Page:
President Joseph Aoun spent this past Sunday in familiar territory: speaking from the pulpit.
Aoun made the latest in a series of visits to area churches as part of an ongoing effort to connect with people in the neighborhoods surrounding Northeastern. This Sunday he attended the service—and spoke to the congregation—at the Charles Street AME Church in Roxbury, where the fourth Sunday of each month is dedicated to inspiring young people to better their lives.
The church’s longtime pastor, Rev. Gregory Groover, who chairs the Boston School Committee, noted that “our church historically has been an education church.” On occasion guests join the congregation to help with its youth-focused mission.
“I mentioned in my sermon that [President Aoun’s] presence at the church expressed a commitment not only to worship with our youth, but to show in person his commitment to their education,” said Groover, who added that Aoun’s appearance meant a great deal to the young people in attendance.
“For them to see a college president of a well-known, nationally famed institution, who works every day in their community, took on significant meaning,” said Groover. “He’s someone who chooses not to just go home at the end of the week, but to come and sit with them and worship on a Sunday morning.”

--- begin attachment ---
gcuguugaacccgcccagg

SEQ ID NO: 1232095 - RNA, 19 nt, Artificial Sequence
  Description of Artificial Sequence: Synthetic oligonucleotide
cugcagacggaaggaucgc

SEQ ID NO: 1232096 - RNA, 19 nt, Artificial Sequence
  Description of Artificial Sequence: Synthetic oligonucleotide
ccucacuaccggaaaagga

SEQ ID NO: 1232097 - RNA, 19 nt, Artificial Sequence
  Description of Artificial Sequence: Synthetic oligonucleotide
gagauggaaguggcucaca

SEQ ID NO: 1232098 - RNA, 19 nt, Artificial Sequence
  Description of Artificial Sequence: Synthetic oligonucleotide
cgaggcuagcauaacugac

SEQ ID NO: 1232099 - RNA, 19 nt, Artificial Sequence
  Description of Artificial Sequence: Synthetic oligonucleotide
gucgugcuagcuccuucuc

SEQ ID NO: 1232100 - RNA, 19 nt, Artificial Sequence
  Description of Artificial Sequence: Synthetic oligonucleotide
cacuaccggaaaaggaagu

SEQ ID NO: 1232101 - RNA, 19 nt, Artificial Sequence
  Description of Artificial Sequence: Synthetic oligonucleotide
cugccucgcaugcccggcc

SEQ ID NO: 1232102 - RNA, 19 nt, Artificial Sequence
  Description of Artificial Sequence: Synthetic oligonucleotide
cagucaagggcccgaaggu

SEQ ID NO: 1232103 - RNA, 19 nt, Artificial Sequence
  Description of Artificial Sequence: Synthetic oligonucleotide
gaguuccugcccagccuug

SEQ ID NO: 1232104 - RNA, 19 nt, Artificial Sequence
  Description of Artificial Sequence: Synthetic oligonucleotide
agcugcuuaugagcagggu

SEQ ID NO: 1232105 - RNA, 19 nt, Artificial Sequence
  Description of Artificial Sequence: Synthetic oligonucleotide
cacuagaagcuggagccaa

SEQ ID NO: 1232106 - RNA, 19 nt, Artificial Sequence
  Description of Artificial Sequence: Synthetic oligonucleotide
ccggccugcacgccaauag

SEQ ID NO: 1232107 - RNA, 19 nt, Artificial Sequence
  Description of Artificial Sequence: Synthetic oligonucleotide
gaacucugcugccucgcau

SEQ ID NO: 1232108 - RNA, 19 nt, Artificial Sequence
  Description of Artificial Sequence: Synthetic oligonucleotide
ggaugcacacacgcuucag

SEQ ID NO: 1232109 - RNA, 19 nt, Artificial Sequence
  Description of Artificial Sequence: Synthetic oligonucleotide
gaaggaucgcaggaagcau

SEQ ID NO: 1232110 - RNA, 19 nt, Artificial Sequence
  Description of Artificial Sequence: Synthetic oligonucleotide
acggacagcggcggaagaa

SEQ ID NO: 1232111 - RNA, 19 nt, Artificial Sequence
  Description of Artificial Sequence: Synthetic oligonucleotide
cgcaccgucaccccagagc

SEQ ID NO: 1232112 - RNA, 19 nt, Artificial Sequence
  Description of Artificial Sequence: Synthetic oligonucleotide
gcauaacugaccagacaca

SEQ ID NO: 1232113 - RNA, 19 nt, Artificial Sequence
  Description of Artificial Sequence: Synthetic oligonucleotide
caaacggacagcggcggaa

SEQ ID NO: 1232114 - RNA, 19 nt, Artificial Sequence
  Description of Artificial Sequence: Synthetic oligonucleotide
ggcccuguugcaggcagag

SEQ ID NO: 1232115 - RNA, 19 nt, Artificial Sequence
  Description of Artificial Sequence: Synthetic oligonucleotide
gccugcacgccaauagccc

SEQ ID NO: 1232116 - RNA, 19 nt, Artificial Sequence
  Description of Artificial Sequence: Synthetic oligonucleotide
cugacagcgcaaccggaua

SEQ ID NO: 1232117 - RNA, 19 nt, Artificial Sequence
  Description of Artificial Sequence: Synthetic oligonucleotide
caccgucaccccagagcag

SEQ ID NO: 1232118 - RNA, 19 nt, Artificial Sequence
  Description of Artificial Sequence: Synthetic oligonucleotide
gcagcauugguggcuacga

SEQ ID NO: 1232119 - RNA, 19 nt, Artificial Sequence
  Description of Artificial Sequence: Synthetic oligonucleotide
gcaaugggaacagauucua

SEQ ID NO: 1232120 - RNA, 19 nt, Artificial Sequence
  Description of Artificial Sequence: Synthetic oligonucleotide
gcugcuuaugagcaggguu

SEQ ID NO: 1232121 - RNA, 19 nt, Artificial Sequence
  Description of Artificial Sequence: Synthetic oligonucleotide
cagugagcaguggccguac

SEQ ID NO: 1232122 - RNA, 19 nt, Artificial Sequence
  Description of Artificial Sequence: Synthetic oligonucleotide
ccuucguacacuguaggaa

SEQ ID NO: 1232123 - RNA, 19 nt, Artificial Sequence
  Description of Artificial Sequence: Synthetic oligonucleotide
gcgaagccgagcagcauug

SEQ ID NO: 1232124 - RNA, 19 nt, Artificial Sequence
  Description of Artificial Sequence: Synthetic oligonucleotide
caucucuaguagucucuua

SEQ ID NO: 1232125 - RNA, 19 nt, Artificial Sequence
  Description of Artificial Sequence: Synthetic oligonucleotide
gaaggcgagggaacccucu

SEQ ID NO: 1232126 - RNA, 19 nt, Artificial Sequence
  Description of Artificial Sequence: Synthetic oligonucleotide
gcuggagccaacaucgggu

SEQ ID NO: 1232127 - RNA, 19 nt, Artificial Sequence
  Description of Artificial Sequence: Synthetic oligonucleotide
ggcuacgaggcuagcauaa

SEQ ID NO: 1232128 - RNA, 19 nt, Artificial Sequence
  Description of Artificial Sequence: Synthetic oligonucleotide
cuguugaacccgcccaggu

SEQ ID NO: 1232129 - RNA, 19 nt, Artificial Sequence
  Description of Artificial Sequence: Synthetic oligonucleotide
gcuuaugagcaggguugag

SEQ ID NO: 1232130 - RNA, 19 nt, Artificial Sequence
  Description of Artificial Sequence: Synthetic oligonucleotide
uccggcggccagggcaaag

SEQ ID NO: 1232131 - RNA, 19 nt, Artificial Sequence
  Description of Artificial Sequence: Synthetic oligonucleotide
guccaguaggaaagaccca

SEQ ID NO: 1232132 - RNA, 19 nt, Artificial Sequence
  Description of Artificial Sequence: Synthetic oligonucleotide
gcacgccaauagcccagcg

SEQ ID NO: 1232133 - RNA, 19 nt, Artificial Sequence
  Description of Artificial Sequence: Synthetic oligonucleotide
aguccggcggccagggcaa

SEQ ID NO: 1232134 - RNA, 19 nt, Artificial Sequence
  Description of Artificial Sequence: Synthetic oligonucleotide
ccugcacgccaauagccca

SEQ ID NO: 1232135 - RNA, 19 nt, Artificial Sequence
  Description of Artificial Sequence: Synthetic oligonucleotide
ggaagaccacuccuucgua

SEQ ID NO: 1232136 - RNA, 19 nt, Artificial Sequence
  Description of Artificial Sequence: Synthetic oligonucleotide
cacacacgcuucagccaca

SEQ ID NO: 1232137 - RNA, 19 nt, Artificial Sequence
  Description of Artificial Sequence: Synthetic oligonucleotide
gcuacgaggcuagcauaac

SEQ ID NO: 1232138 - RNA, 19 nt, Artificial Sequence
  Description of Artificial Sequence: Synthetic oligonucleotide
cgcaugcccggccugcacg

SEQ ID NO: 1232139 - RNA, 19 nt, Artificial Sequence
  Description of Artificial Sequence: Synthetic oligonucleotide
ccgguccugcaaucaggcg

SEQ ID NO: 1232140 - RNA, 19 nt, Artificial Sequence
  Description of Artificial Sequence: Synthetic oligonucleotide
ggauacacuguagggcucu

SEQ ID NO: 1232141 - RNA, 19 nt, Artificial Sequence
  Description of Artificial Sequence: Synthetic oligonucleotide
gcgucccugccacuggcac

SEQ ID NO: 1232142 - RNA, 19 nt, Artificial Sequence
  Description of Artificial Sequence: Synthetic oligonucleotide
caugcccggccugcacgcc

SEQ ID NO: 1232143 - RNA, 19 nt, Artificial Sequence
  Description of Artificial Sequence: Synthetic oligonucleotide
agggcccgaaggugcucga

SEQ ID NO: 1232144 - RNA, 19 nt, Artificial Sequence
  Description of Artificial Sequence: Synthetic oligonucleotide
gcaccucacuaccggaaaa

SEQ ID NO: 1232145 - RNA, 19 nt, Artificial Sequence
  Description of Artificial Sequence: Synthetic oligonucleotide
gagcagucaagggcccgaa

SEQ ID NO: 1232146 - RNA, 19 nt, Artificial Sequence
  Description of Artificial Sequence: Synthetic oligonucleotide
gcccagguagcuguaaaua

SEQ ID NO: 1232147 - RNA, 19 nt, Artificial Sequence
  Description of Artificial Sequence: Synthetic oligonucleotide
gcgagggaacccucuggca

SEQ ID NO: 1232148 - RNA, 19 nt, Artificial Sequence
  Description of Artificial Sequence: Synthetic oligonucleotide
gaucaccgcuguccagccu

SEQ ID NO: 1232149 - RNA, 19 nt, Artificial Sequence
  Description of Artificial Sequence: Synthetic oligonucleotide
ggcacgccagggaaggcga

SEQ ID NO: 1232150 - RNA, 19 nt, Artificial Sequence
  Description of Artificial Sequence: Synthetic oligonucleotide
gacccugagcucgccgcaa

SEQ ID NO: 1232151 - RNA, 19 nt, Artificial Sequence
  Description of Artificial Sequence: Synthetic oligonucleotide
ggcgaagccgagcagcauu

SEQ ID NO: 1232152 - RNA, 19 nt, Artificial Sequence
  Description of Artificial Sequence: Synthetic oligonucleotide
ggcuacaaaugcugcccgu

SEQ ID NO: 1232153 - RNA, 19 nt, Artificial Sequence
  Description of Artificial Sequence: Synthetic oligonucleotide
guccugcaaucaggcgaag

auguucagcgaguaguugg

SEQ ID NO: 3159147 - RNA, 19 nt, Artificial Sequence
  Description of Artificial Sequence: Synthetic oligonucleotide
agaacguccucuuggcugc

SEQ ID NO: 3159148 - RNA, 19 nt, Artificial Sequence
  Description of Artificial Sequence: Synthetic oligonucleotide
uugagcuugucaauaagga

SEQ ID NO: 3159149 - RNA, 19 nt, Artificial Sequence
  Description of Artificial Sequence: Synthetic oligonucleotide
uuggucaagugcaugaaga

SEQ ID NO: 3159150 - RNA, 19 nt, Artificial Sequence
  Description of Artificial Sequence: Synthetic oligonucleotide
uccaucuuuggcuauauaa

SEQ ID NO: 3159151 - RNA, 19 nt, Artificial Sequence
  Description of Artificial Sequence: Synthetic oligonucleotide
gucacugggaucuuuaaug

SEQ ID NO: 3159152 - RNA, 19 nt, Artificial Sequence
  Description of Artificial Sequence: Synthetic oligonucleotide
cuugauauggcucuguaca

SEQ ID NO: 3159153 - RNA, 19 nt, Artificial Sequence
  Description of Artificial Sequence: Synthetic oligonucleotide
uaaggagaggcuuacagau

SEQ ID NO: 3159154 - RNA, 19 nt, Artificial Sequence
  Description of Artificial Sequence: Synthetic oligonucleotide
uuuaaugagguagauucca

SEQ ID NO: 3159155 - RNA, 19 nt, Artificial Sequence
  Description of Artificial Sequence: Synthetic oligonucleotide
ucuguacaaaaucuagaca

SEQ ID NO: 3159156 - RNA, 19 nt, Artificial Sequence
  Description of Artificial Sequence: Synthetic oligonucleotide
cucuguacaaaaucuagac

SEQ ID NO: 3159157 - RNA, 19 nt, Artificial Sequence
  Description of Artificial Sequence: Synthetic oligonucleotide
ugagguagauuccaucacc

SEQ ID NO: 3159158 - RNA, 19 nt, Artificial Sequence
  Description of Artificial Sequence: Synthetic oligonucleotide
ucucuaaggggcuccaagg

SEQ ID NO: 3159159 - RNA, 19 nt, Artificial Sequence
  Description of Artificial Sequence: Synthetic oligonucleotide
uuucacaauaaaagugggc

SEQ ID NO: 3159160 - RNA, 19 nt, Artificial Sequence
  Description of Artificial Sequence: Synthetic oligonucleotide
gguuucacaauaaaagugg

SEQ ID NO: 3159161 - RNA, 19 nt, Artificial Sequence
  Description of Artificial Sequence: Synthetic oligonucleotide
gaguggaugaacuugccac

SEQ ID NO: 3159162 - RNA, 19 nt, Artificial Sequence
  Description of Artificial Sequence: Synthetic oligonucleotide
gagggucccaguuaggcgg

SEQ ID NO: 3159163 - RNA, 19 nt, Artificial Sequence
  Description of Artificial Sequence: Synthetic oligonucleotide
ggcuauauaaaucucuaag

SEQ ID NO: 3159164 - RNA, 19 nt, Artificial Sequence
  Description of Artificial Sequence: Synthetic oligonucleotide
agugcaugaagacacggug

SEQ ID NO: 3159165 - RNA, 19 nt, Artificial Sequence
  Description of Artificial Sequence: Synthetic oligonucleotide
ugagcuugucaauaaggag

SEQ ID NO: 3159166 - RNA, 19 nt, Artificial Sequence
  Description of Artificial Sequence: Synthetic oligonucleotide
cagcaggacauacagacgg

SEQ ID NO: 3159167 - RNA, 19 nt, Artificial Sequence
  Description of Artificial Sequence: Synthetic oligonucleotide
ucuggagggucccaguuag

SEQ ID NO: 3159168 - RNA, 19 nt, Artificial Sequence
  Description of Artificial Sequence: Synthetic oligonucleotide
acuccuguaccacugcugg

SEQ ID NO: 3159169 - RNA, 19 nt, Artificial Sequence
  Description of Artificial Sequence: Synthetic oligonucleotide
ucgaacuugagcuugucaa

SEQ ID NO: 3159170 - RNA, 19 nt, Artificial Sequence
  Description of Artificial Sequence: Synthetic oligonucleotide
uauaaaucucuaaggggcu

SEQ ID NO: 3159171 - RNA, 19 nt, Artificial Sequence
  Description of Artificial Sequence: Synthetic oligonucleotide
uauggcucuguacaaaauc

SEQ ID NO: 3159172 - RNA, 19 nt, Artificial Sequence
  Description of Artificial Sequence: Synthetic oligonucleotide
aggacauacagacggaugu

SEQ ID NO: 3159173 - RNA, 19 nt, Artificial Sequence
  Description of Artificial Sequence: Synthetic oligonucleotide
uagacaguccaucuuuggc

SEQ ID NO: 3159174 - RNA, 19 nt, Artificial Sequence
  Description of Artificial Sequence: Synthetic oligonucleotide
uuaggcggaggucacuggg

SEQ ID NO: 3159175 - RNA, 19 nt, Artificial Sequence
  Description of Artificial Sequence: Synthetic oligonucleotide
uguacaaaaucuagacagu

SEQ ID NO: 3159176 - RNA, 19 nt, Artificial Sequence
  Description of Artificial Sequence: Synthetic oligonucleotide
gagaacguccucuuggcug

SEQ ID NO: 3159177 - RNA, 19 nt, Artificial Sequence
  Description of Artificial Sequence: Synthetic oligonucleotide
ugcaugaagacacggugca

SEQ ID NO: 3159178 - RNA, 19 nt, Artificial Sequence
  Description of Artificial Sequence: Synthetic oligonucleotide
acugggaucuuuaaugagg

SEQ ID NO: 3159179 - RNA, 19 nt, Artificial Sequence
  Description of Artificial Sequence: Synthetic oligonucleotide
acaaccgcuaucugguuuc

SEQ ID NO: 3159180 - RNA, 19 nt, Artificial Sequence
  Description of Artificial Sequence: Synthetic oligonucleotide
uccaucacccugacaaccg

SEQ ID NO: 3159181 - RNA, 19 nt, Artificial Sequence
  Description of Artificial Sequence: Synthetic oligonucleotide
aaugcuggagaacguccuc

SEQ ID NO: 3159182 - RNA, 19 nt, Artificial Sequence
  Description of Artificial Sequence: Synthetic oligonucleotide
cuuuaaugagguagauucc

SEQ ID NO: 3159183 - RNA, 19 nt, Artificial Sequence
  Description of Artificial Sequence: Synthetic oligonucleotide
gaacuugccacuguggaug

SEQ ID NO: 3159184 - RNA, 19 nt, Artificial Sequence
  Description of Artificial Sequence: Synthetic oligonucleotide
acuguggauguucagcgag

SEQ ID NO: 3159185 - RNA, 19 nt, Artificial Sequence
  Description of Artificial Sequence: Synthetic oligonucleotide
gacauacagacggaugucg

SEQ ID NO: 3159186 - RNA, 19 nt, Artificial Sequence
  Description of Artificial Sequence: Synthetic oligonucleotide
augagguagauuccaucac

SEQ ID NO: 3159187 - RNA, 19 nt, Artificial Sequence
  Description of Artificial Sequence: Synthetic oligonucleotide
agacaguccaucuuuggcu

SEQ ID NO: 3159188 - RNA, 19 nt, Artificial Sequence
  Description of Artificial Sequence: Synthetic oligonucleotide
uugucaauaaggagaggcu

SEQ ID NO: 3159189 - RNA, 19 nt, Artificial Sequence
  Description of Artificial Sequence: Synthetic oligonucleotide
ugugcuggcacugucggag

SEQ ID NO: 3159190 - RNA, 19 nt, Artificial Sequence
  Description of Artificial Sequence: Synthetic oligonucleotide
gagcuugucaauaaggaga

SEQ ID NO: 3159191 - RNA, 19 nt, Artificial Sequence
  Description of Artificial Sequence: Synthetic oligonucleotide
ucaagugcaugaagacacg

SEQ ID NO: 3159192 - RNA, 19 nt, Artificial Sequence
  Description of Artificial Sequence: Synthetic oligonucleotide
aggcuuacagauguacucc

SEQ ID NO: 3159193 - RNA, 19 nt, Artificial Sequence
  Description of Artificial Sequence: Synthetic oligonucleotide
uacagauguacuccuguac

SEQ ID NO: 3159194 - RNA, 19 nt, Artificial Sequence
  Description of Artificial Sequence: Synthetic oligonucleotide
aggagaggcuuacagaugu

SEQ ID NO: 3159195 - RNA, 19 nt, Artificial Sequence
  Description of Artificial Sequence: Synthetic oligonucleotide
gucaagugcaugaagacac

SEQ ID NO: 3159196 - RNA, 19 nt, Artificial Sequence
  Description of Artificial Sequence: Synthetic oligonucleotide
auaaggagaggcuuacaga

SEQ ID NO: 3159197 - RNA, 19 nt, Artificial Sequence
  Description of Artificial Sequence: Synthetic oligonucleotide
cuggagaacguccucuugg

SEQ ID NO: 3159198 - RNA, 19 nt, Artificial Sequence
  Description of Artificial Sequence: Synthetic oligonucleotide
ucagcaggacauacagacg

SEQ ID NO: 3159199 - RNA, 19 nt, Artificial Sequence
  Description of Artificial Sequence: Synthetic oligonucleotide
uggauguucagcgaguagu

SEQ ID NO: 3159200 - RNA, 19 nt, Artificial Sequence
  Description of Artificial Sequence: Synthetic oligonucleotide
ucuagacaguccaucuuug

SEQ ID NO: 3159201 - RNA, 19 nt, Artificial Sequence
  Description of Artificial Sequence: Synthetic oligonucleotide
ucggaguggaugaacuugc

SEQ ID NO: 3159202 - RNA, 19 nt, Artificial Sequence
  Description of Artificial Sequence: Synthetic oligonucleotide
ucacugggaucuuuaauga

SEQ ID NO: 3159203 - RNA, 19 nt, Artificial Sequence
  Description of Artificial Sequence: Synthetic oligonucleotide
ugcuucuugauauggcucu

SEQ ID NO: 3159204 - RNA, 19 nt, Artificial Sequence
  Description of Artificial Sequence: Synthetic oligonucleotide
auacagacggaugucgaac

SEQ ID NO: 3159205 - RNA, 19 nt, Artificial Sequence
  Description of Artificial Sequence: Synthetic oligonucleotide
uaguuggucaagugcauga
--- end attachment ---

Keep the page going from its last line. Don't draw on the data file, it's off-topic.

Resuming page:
The congregation was swelled by the attendance of about 50 members of the church’s basketball outreach ministry, Groover noted. Aoun promised them a chance to watch the Huskies play in Matthews Arena.
Groover said the president enhanced the church’s historic emphasis on education. “In our congregation we try to do anything and everything we can to encourage and motivate and deepen the interest of our youth to think: college, college, college,” he said. “It’s our expectation that we graduate them all and send them off to college … and that each of them will strive to attain the terminal degree in their careers,” he said.
Aoun said he was inspired by the congregation: “Visiting a church in our community with such a passionate devotion to higher education—and with so many young people there—reinforced for me all of the reasons this is a vibrant neighborhood in a strong city,” said Aoun. “Rev. Groover is a genuine leader and his work on behalf of Boston’s young people is an inspiration to all of us. I thank him for welcoming me into his congregation and for allowing me to contribute to his important work.”
Groover’s connection to Northeastern goes beyond his role as local pastor. In November, he spoke to a Jewish studies class on the importance of the Underground Railroad, local politics and issues of social justice. He also joined Aoun, Boston school Superintendent Carol Johnson and Mayor Thomas Menino at an event announcing Northeastern’s new Foundation Year program aimed at helping Boston public school students enter and complete college.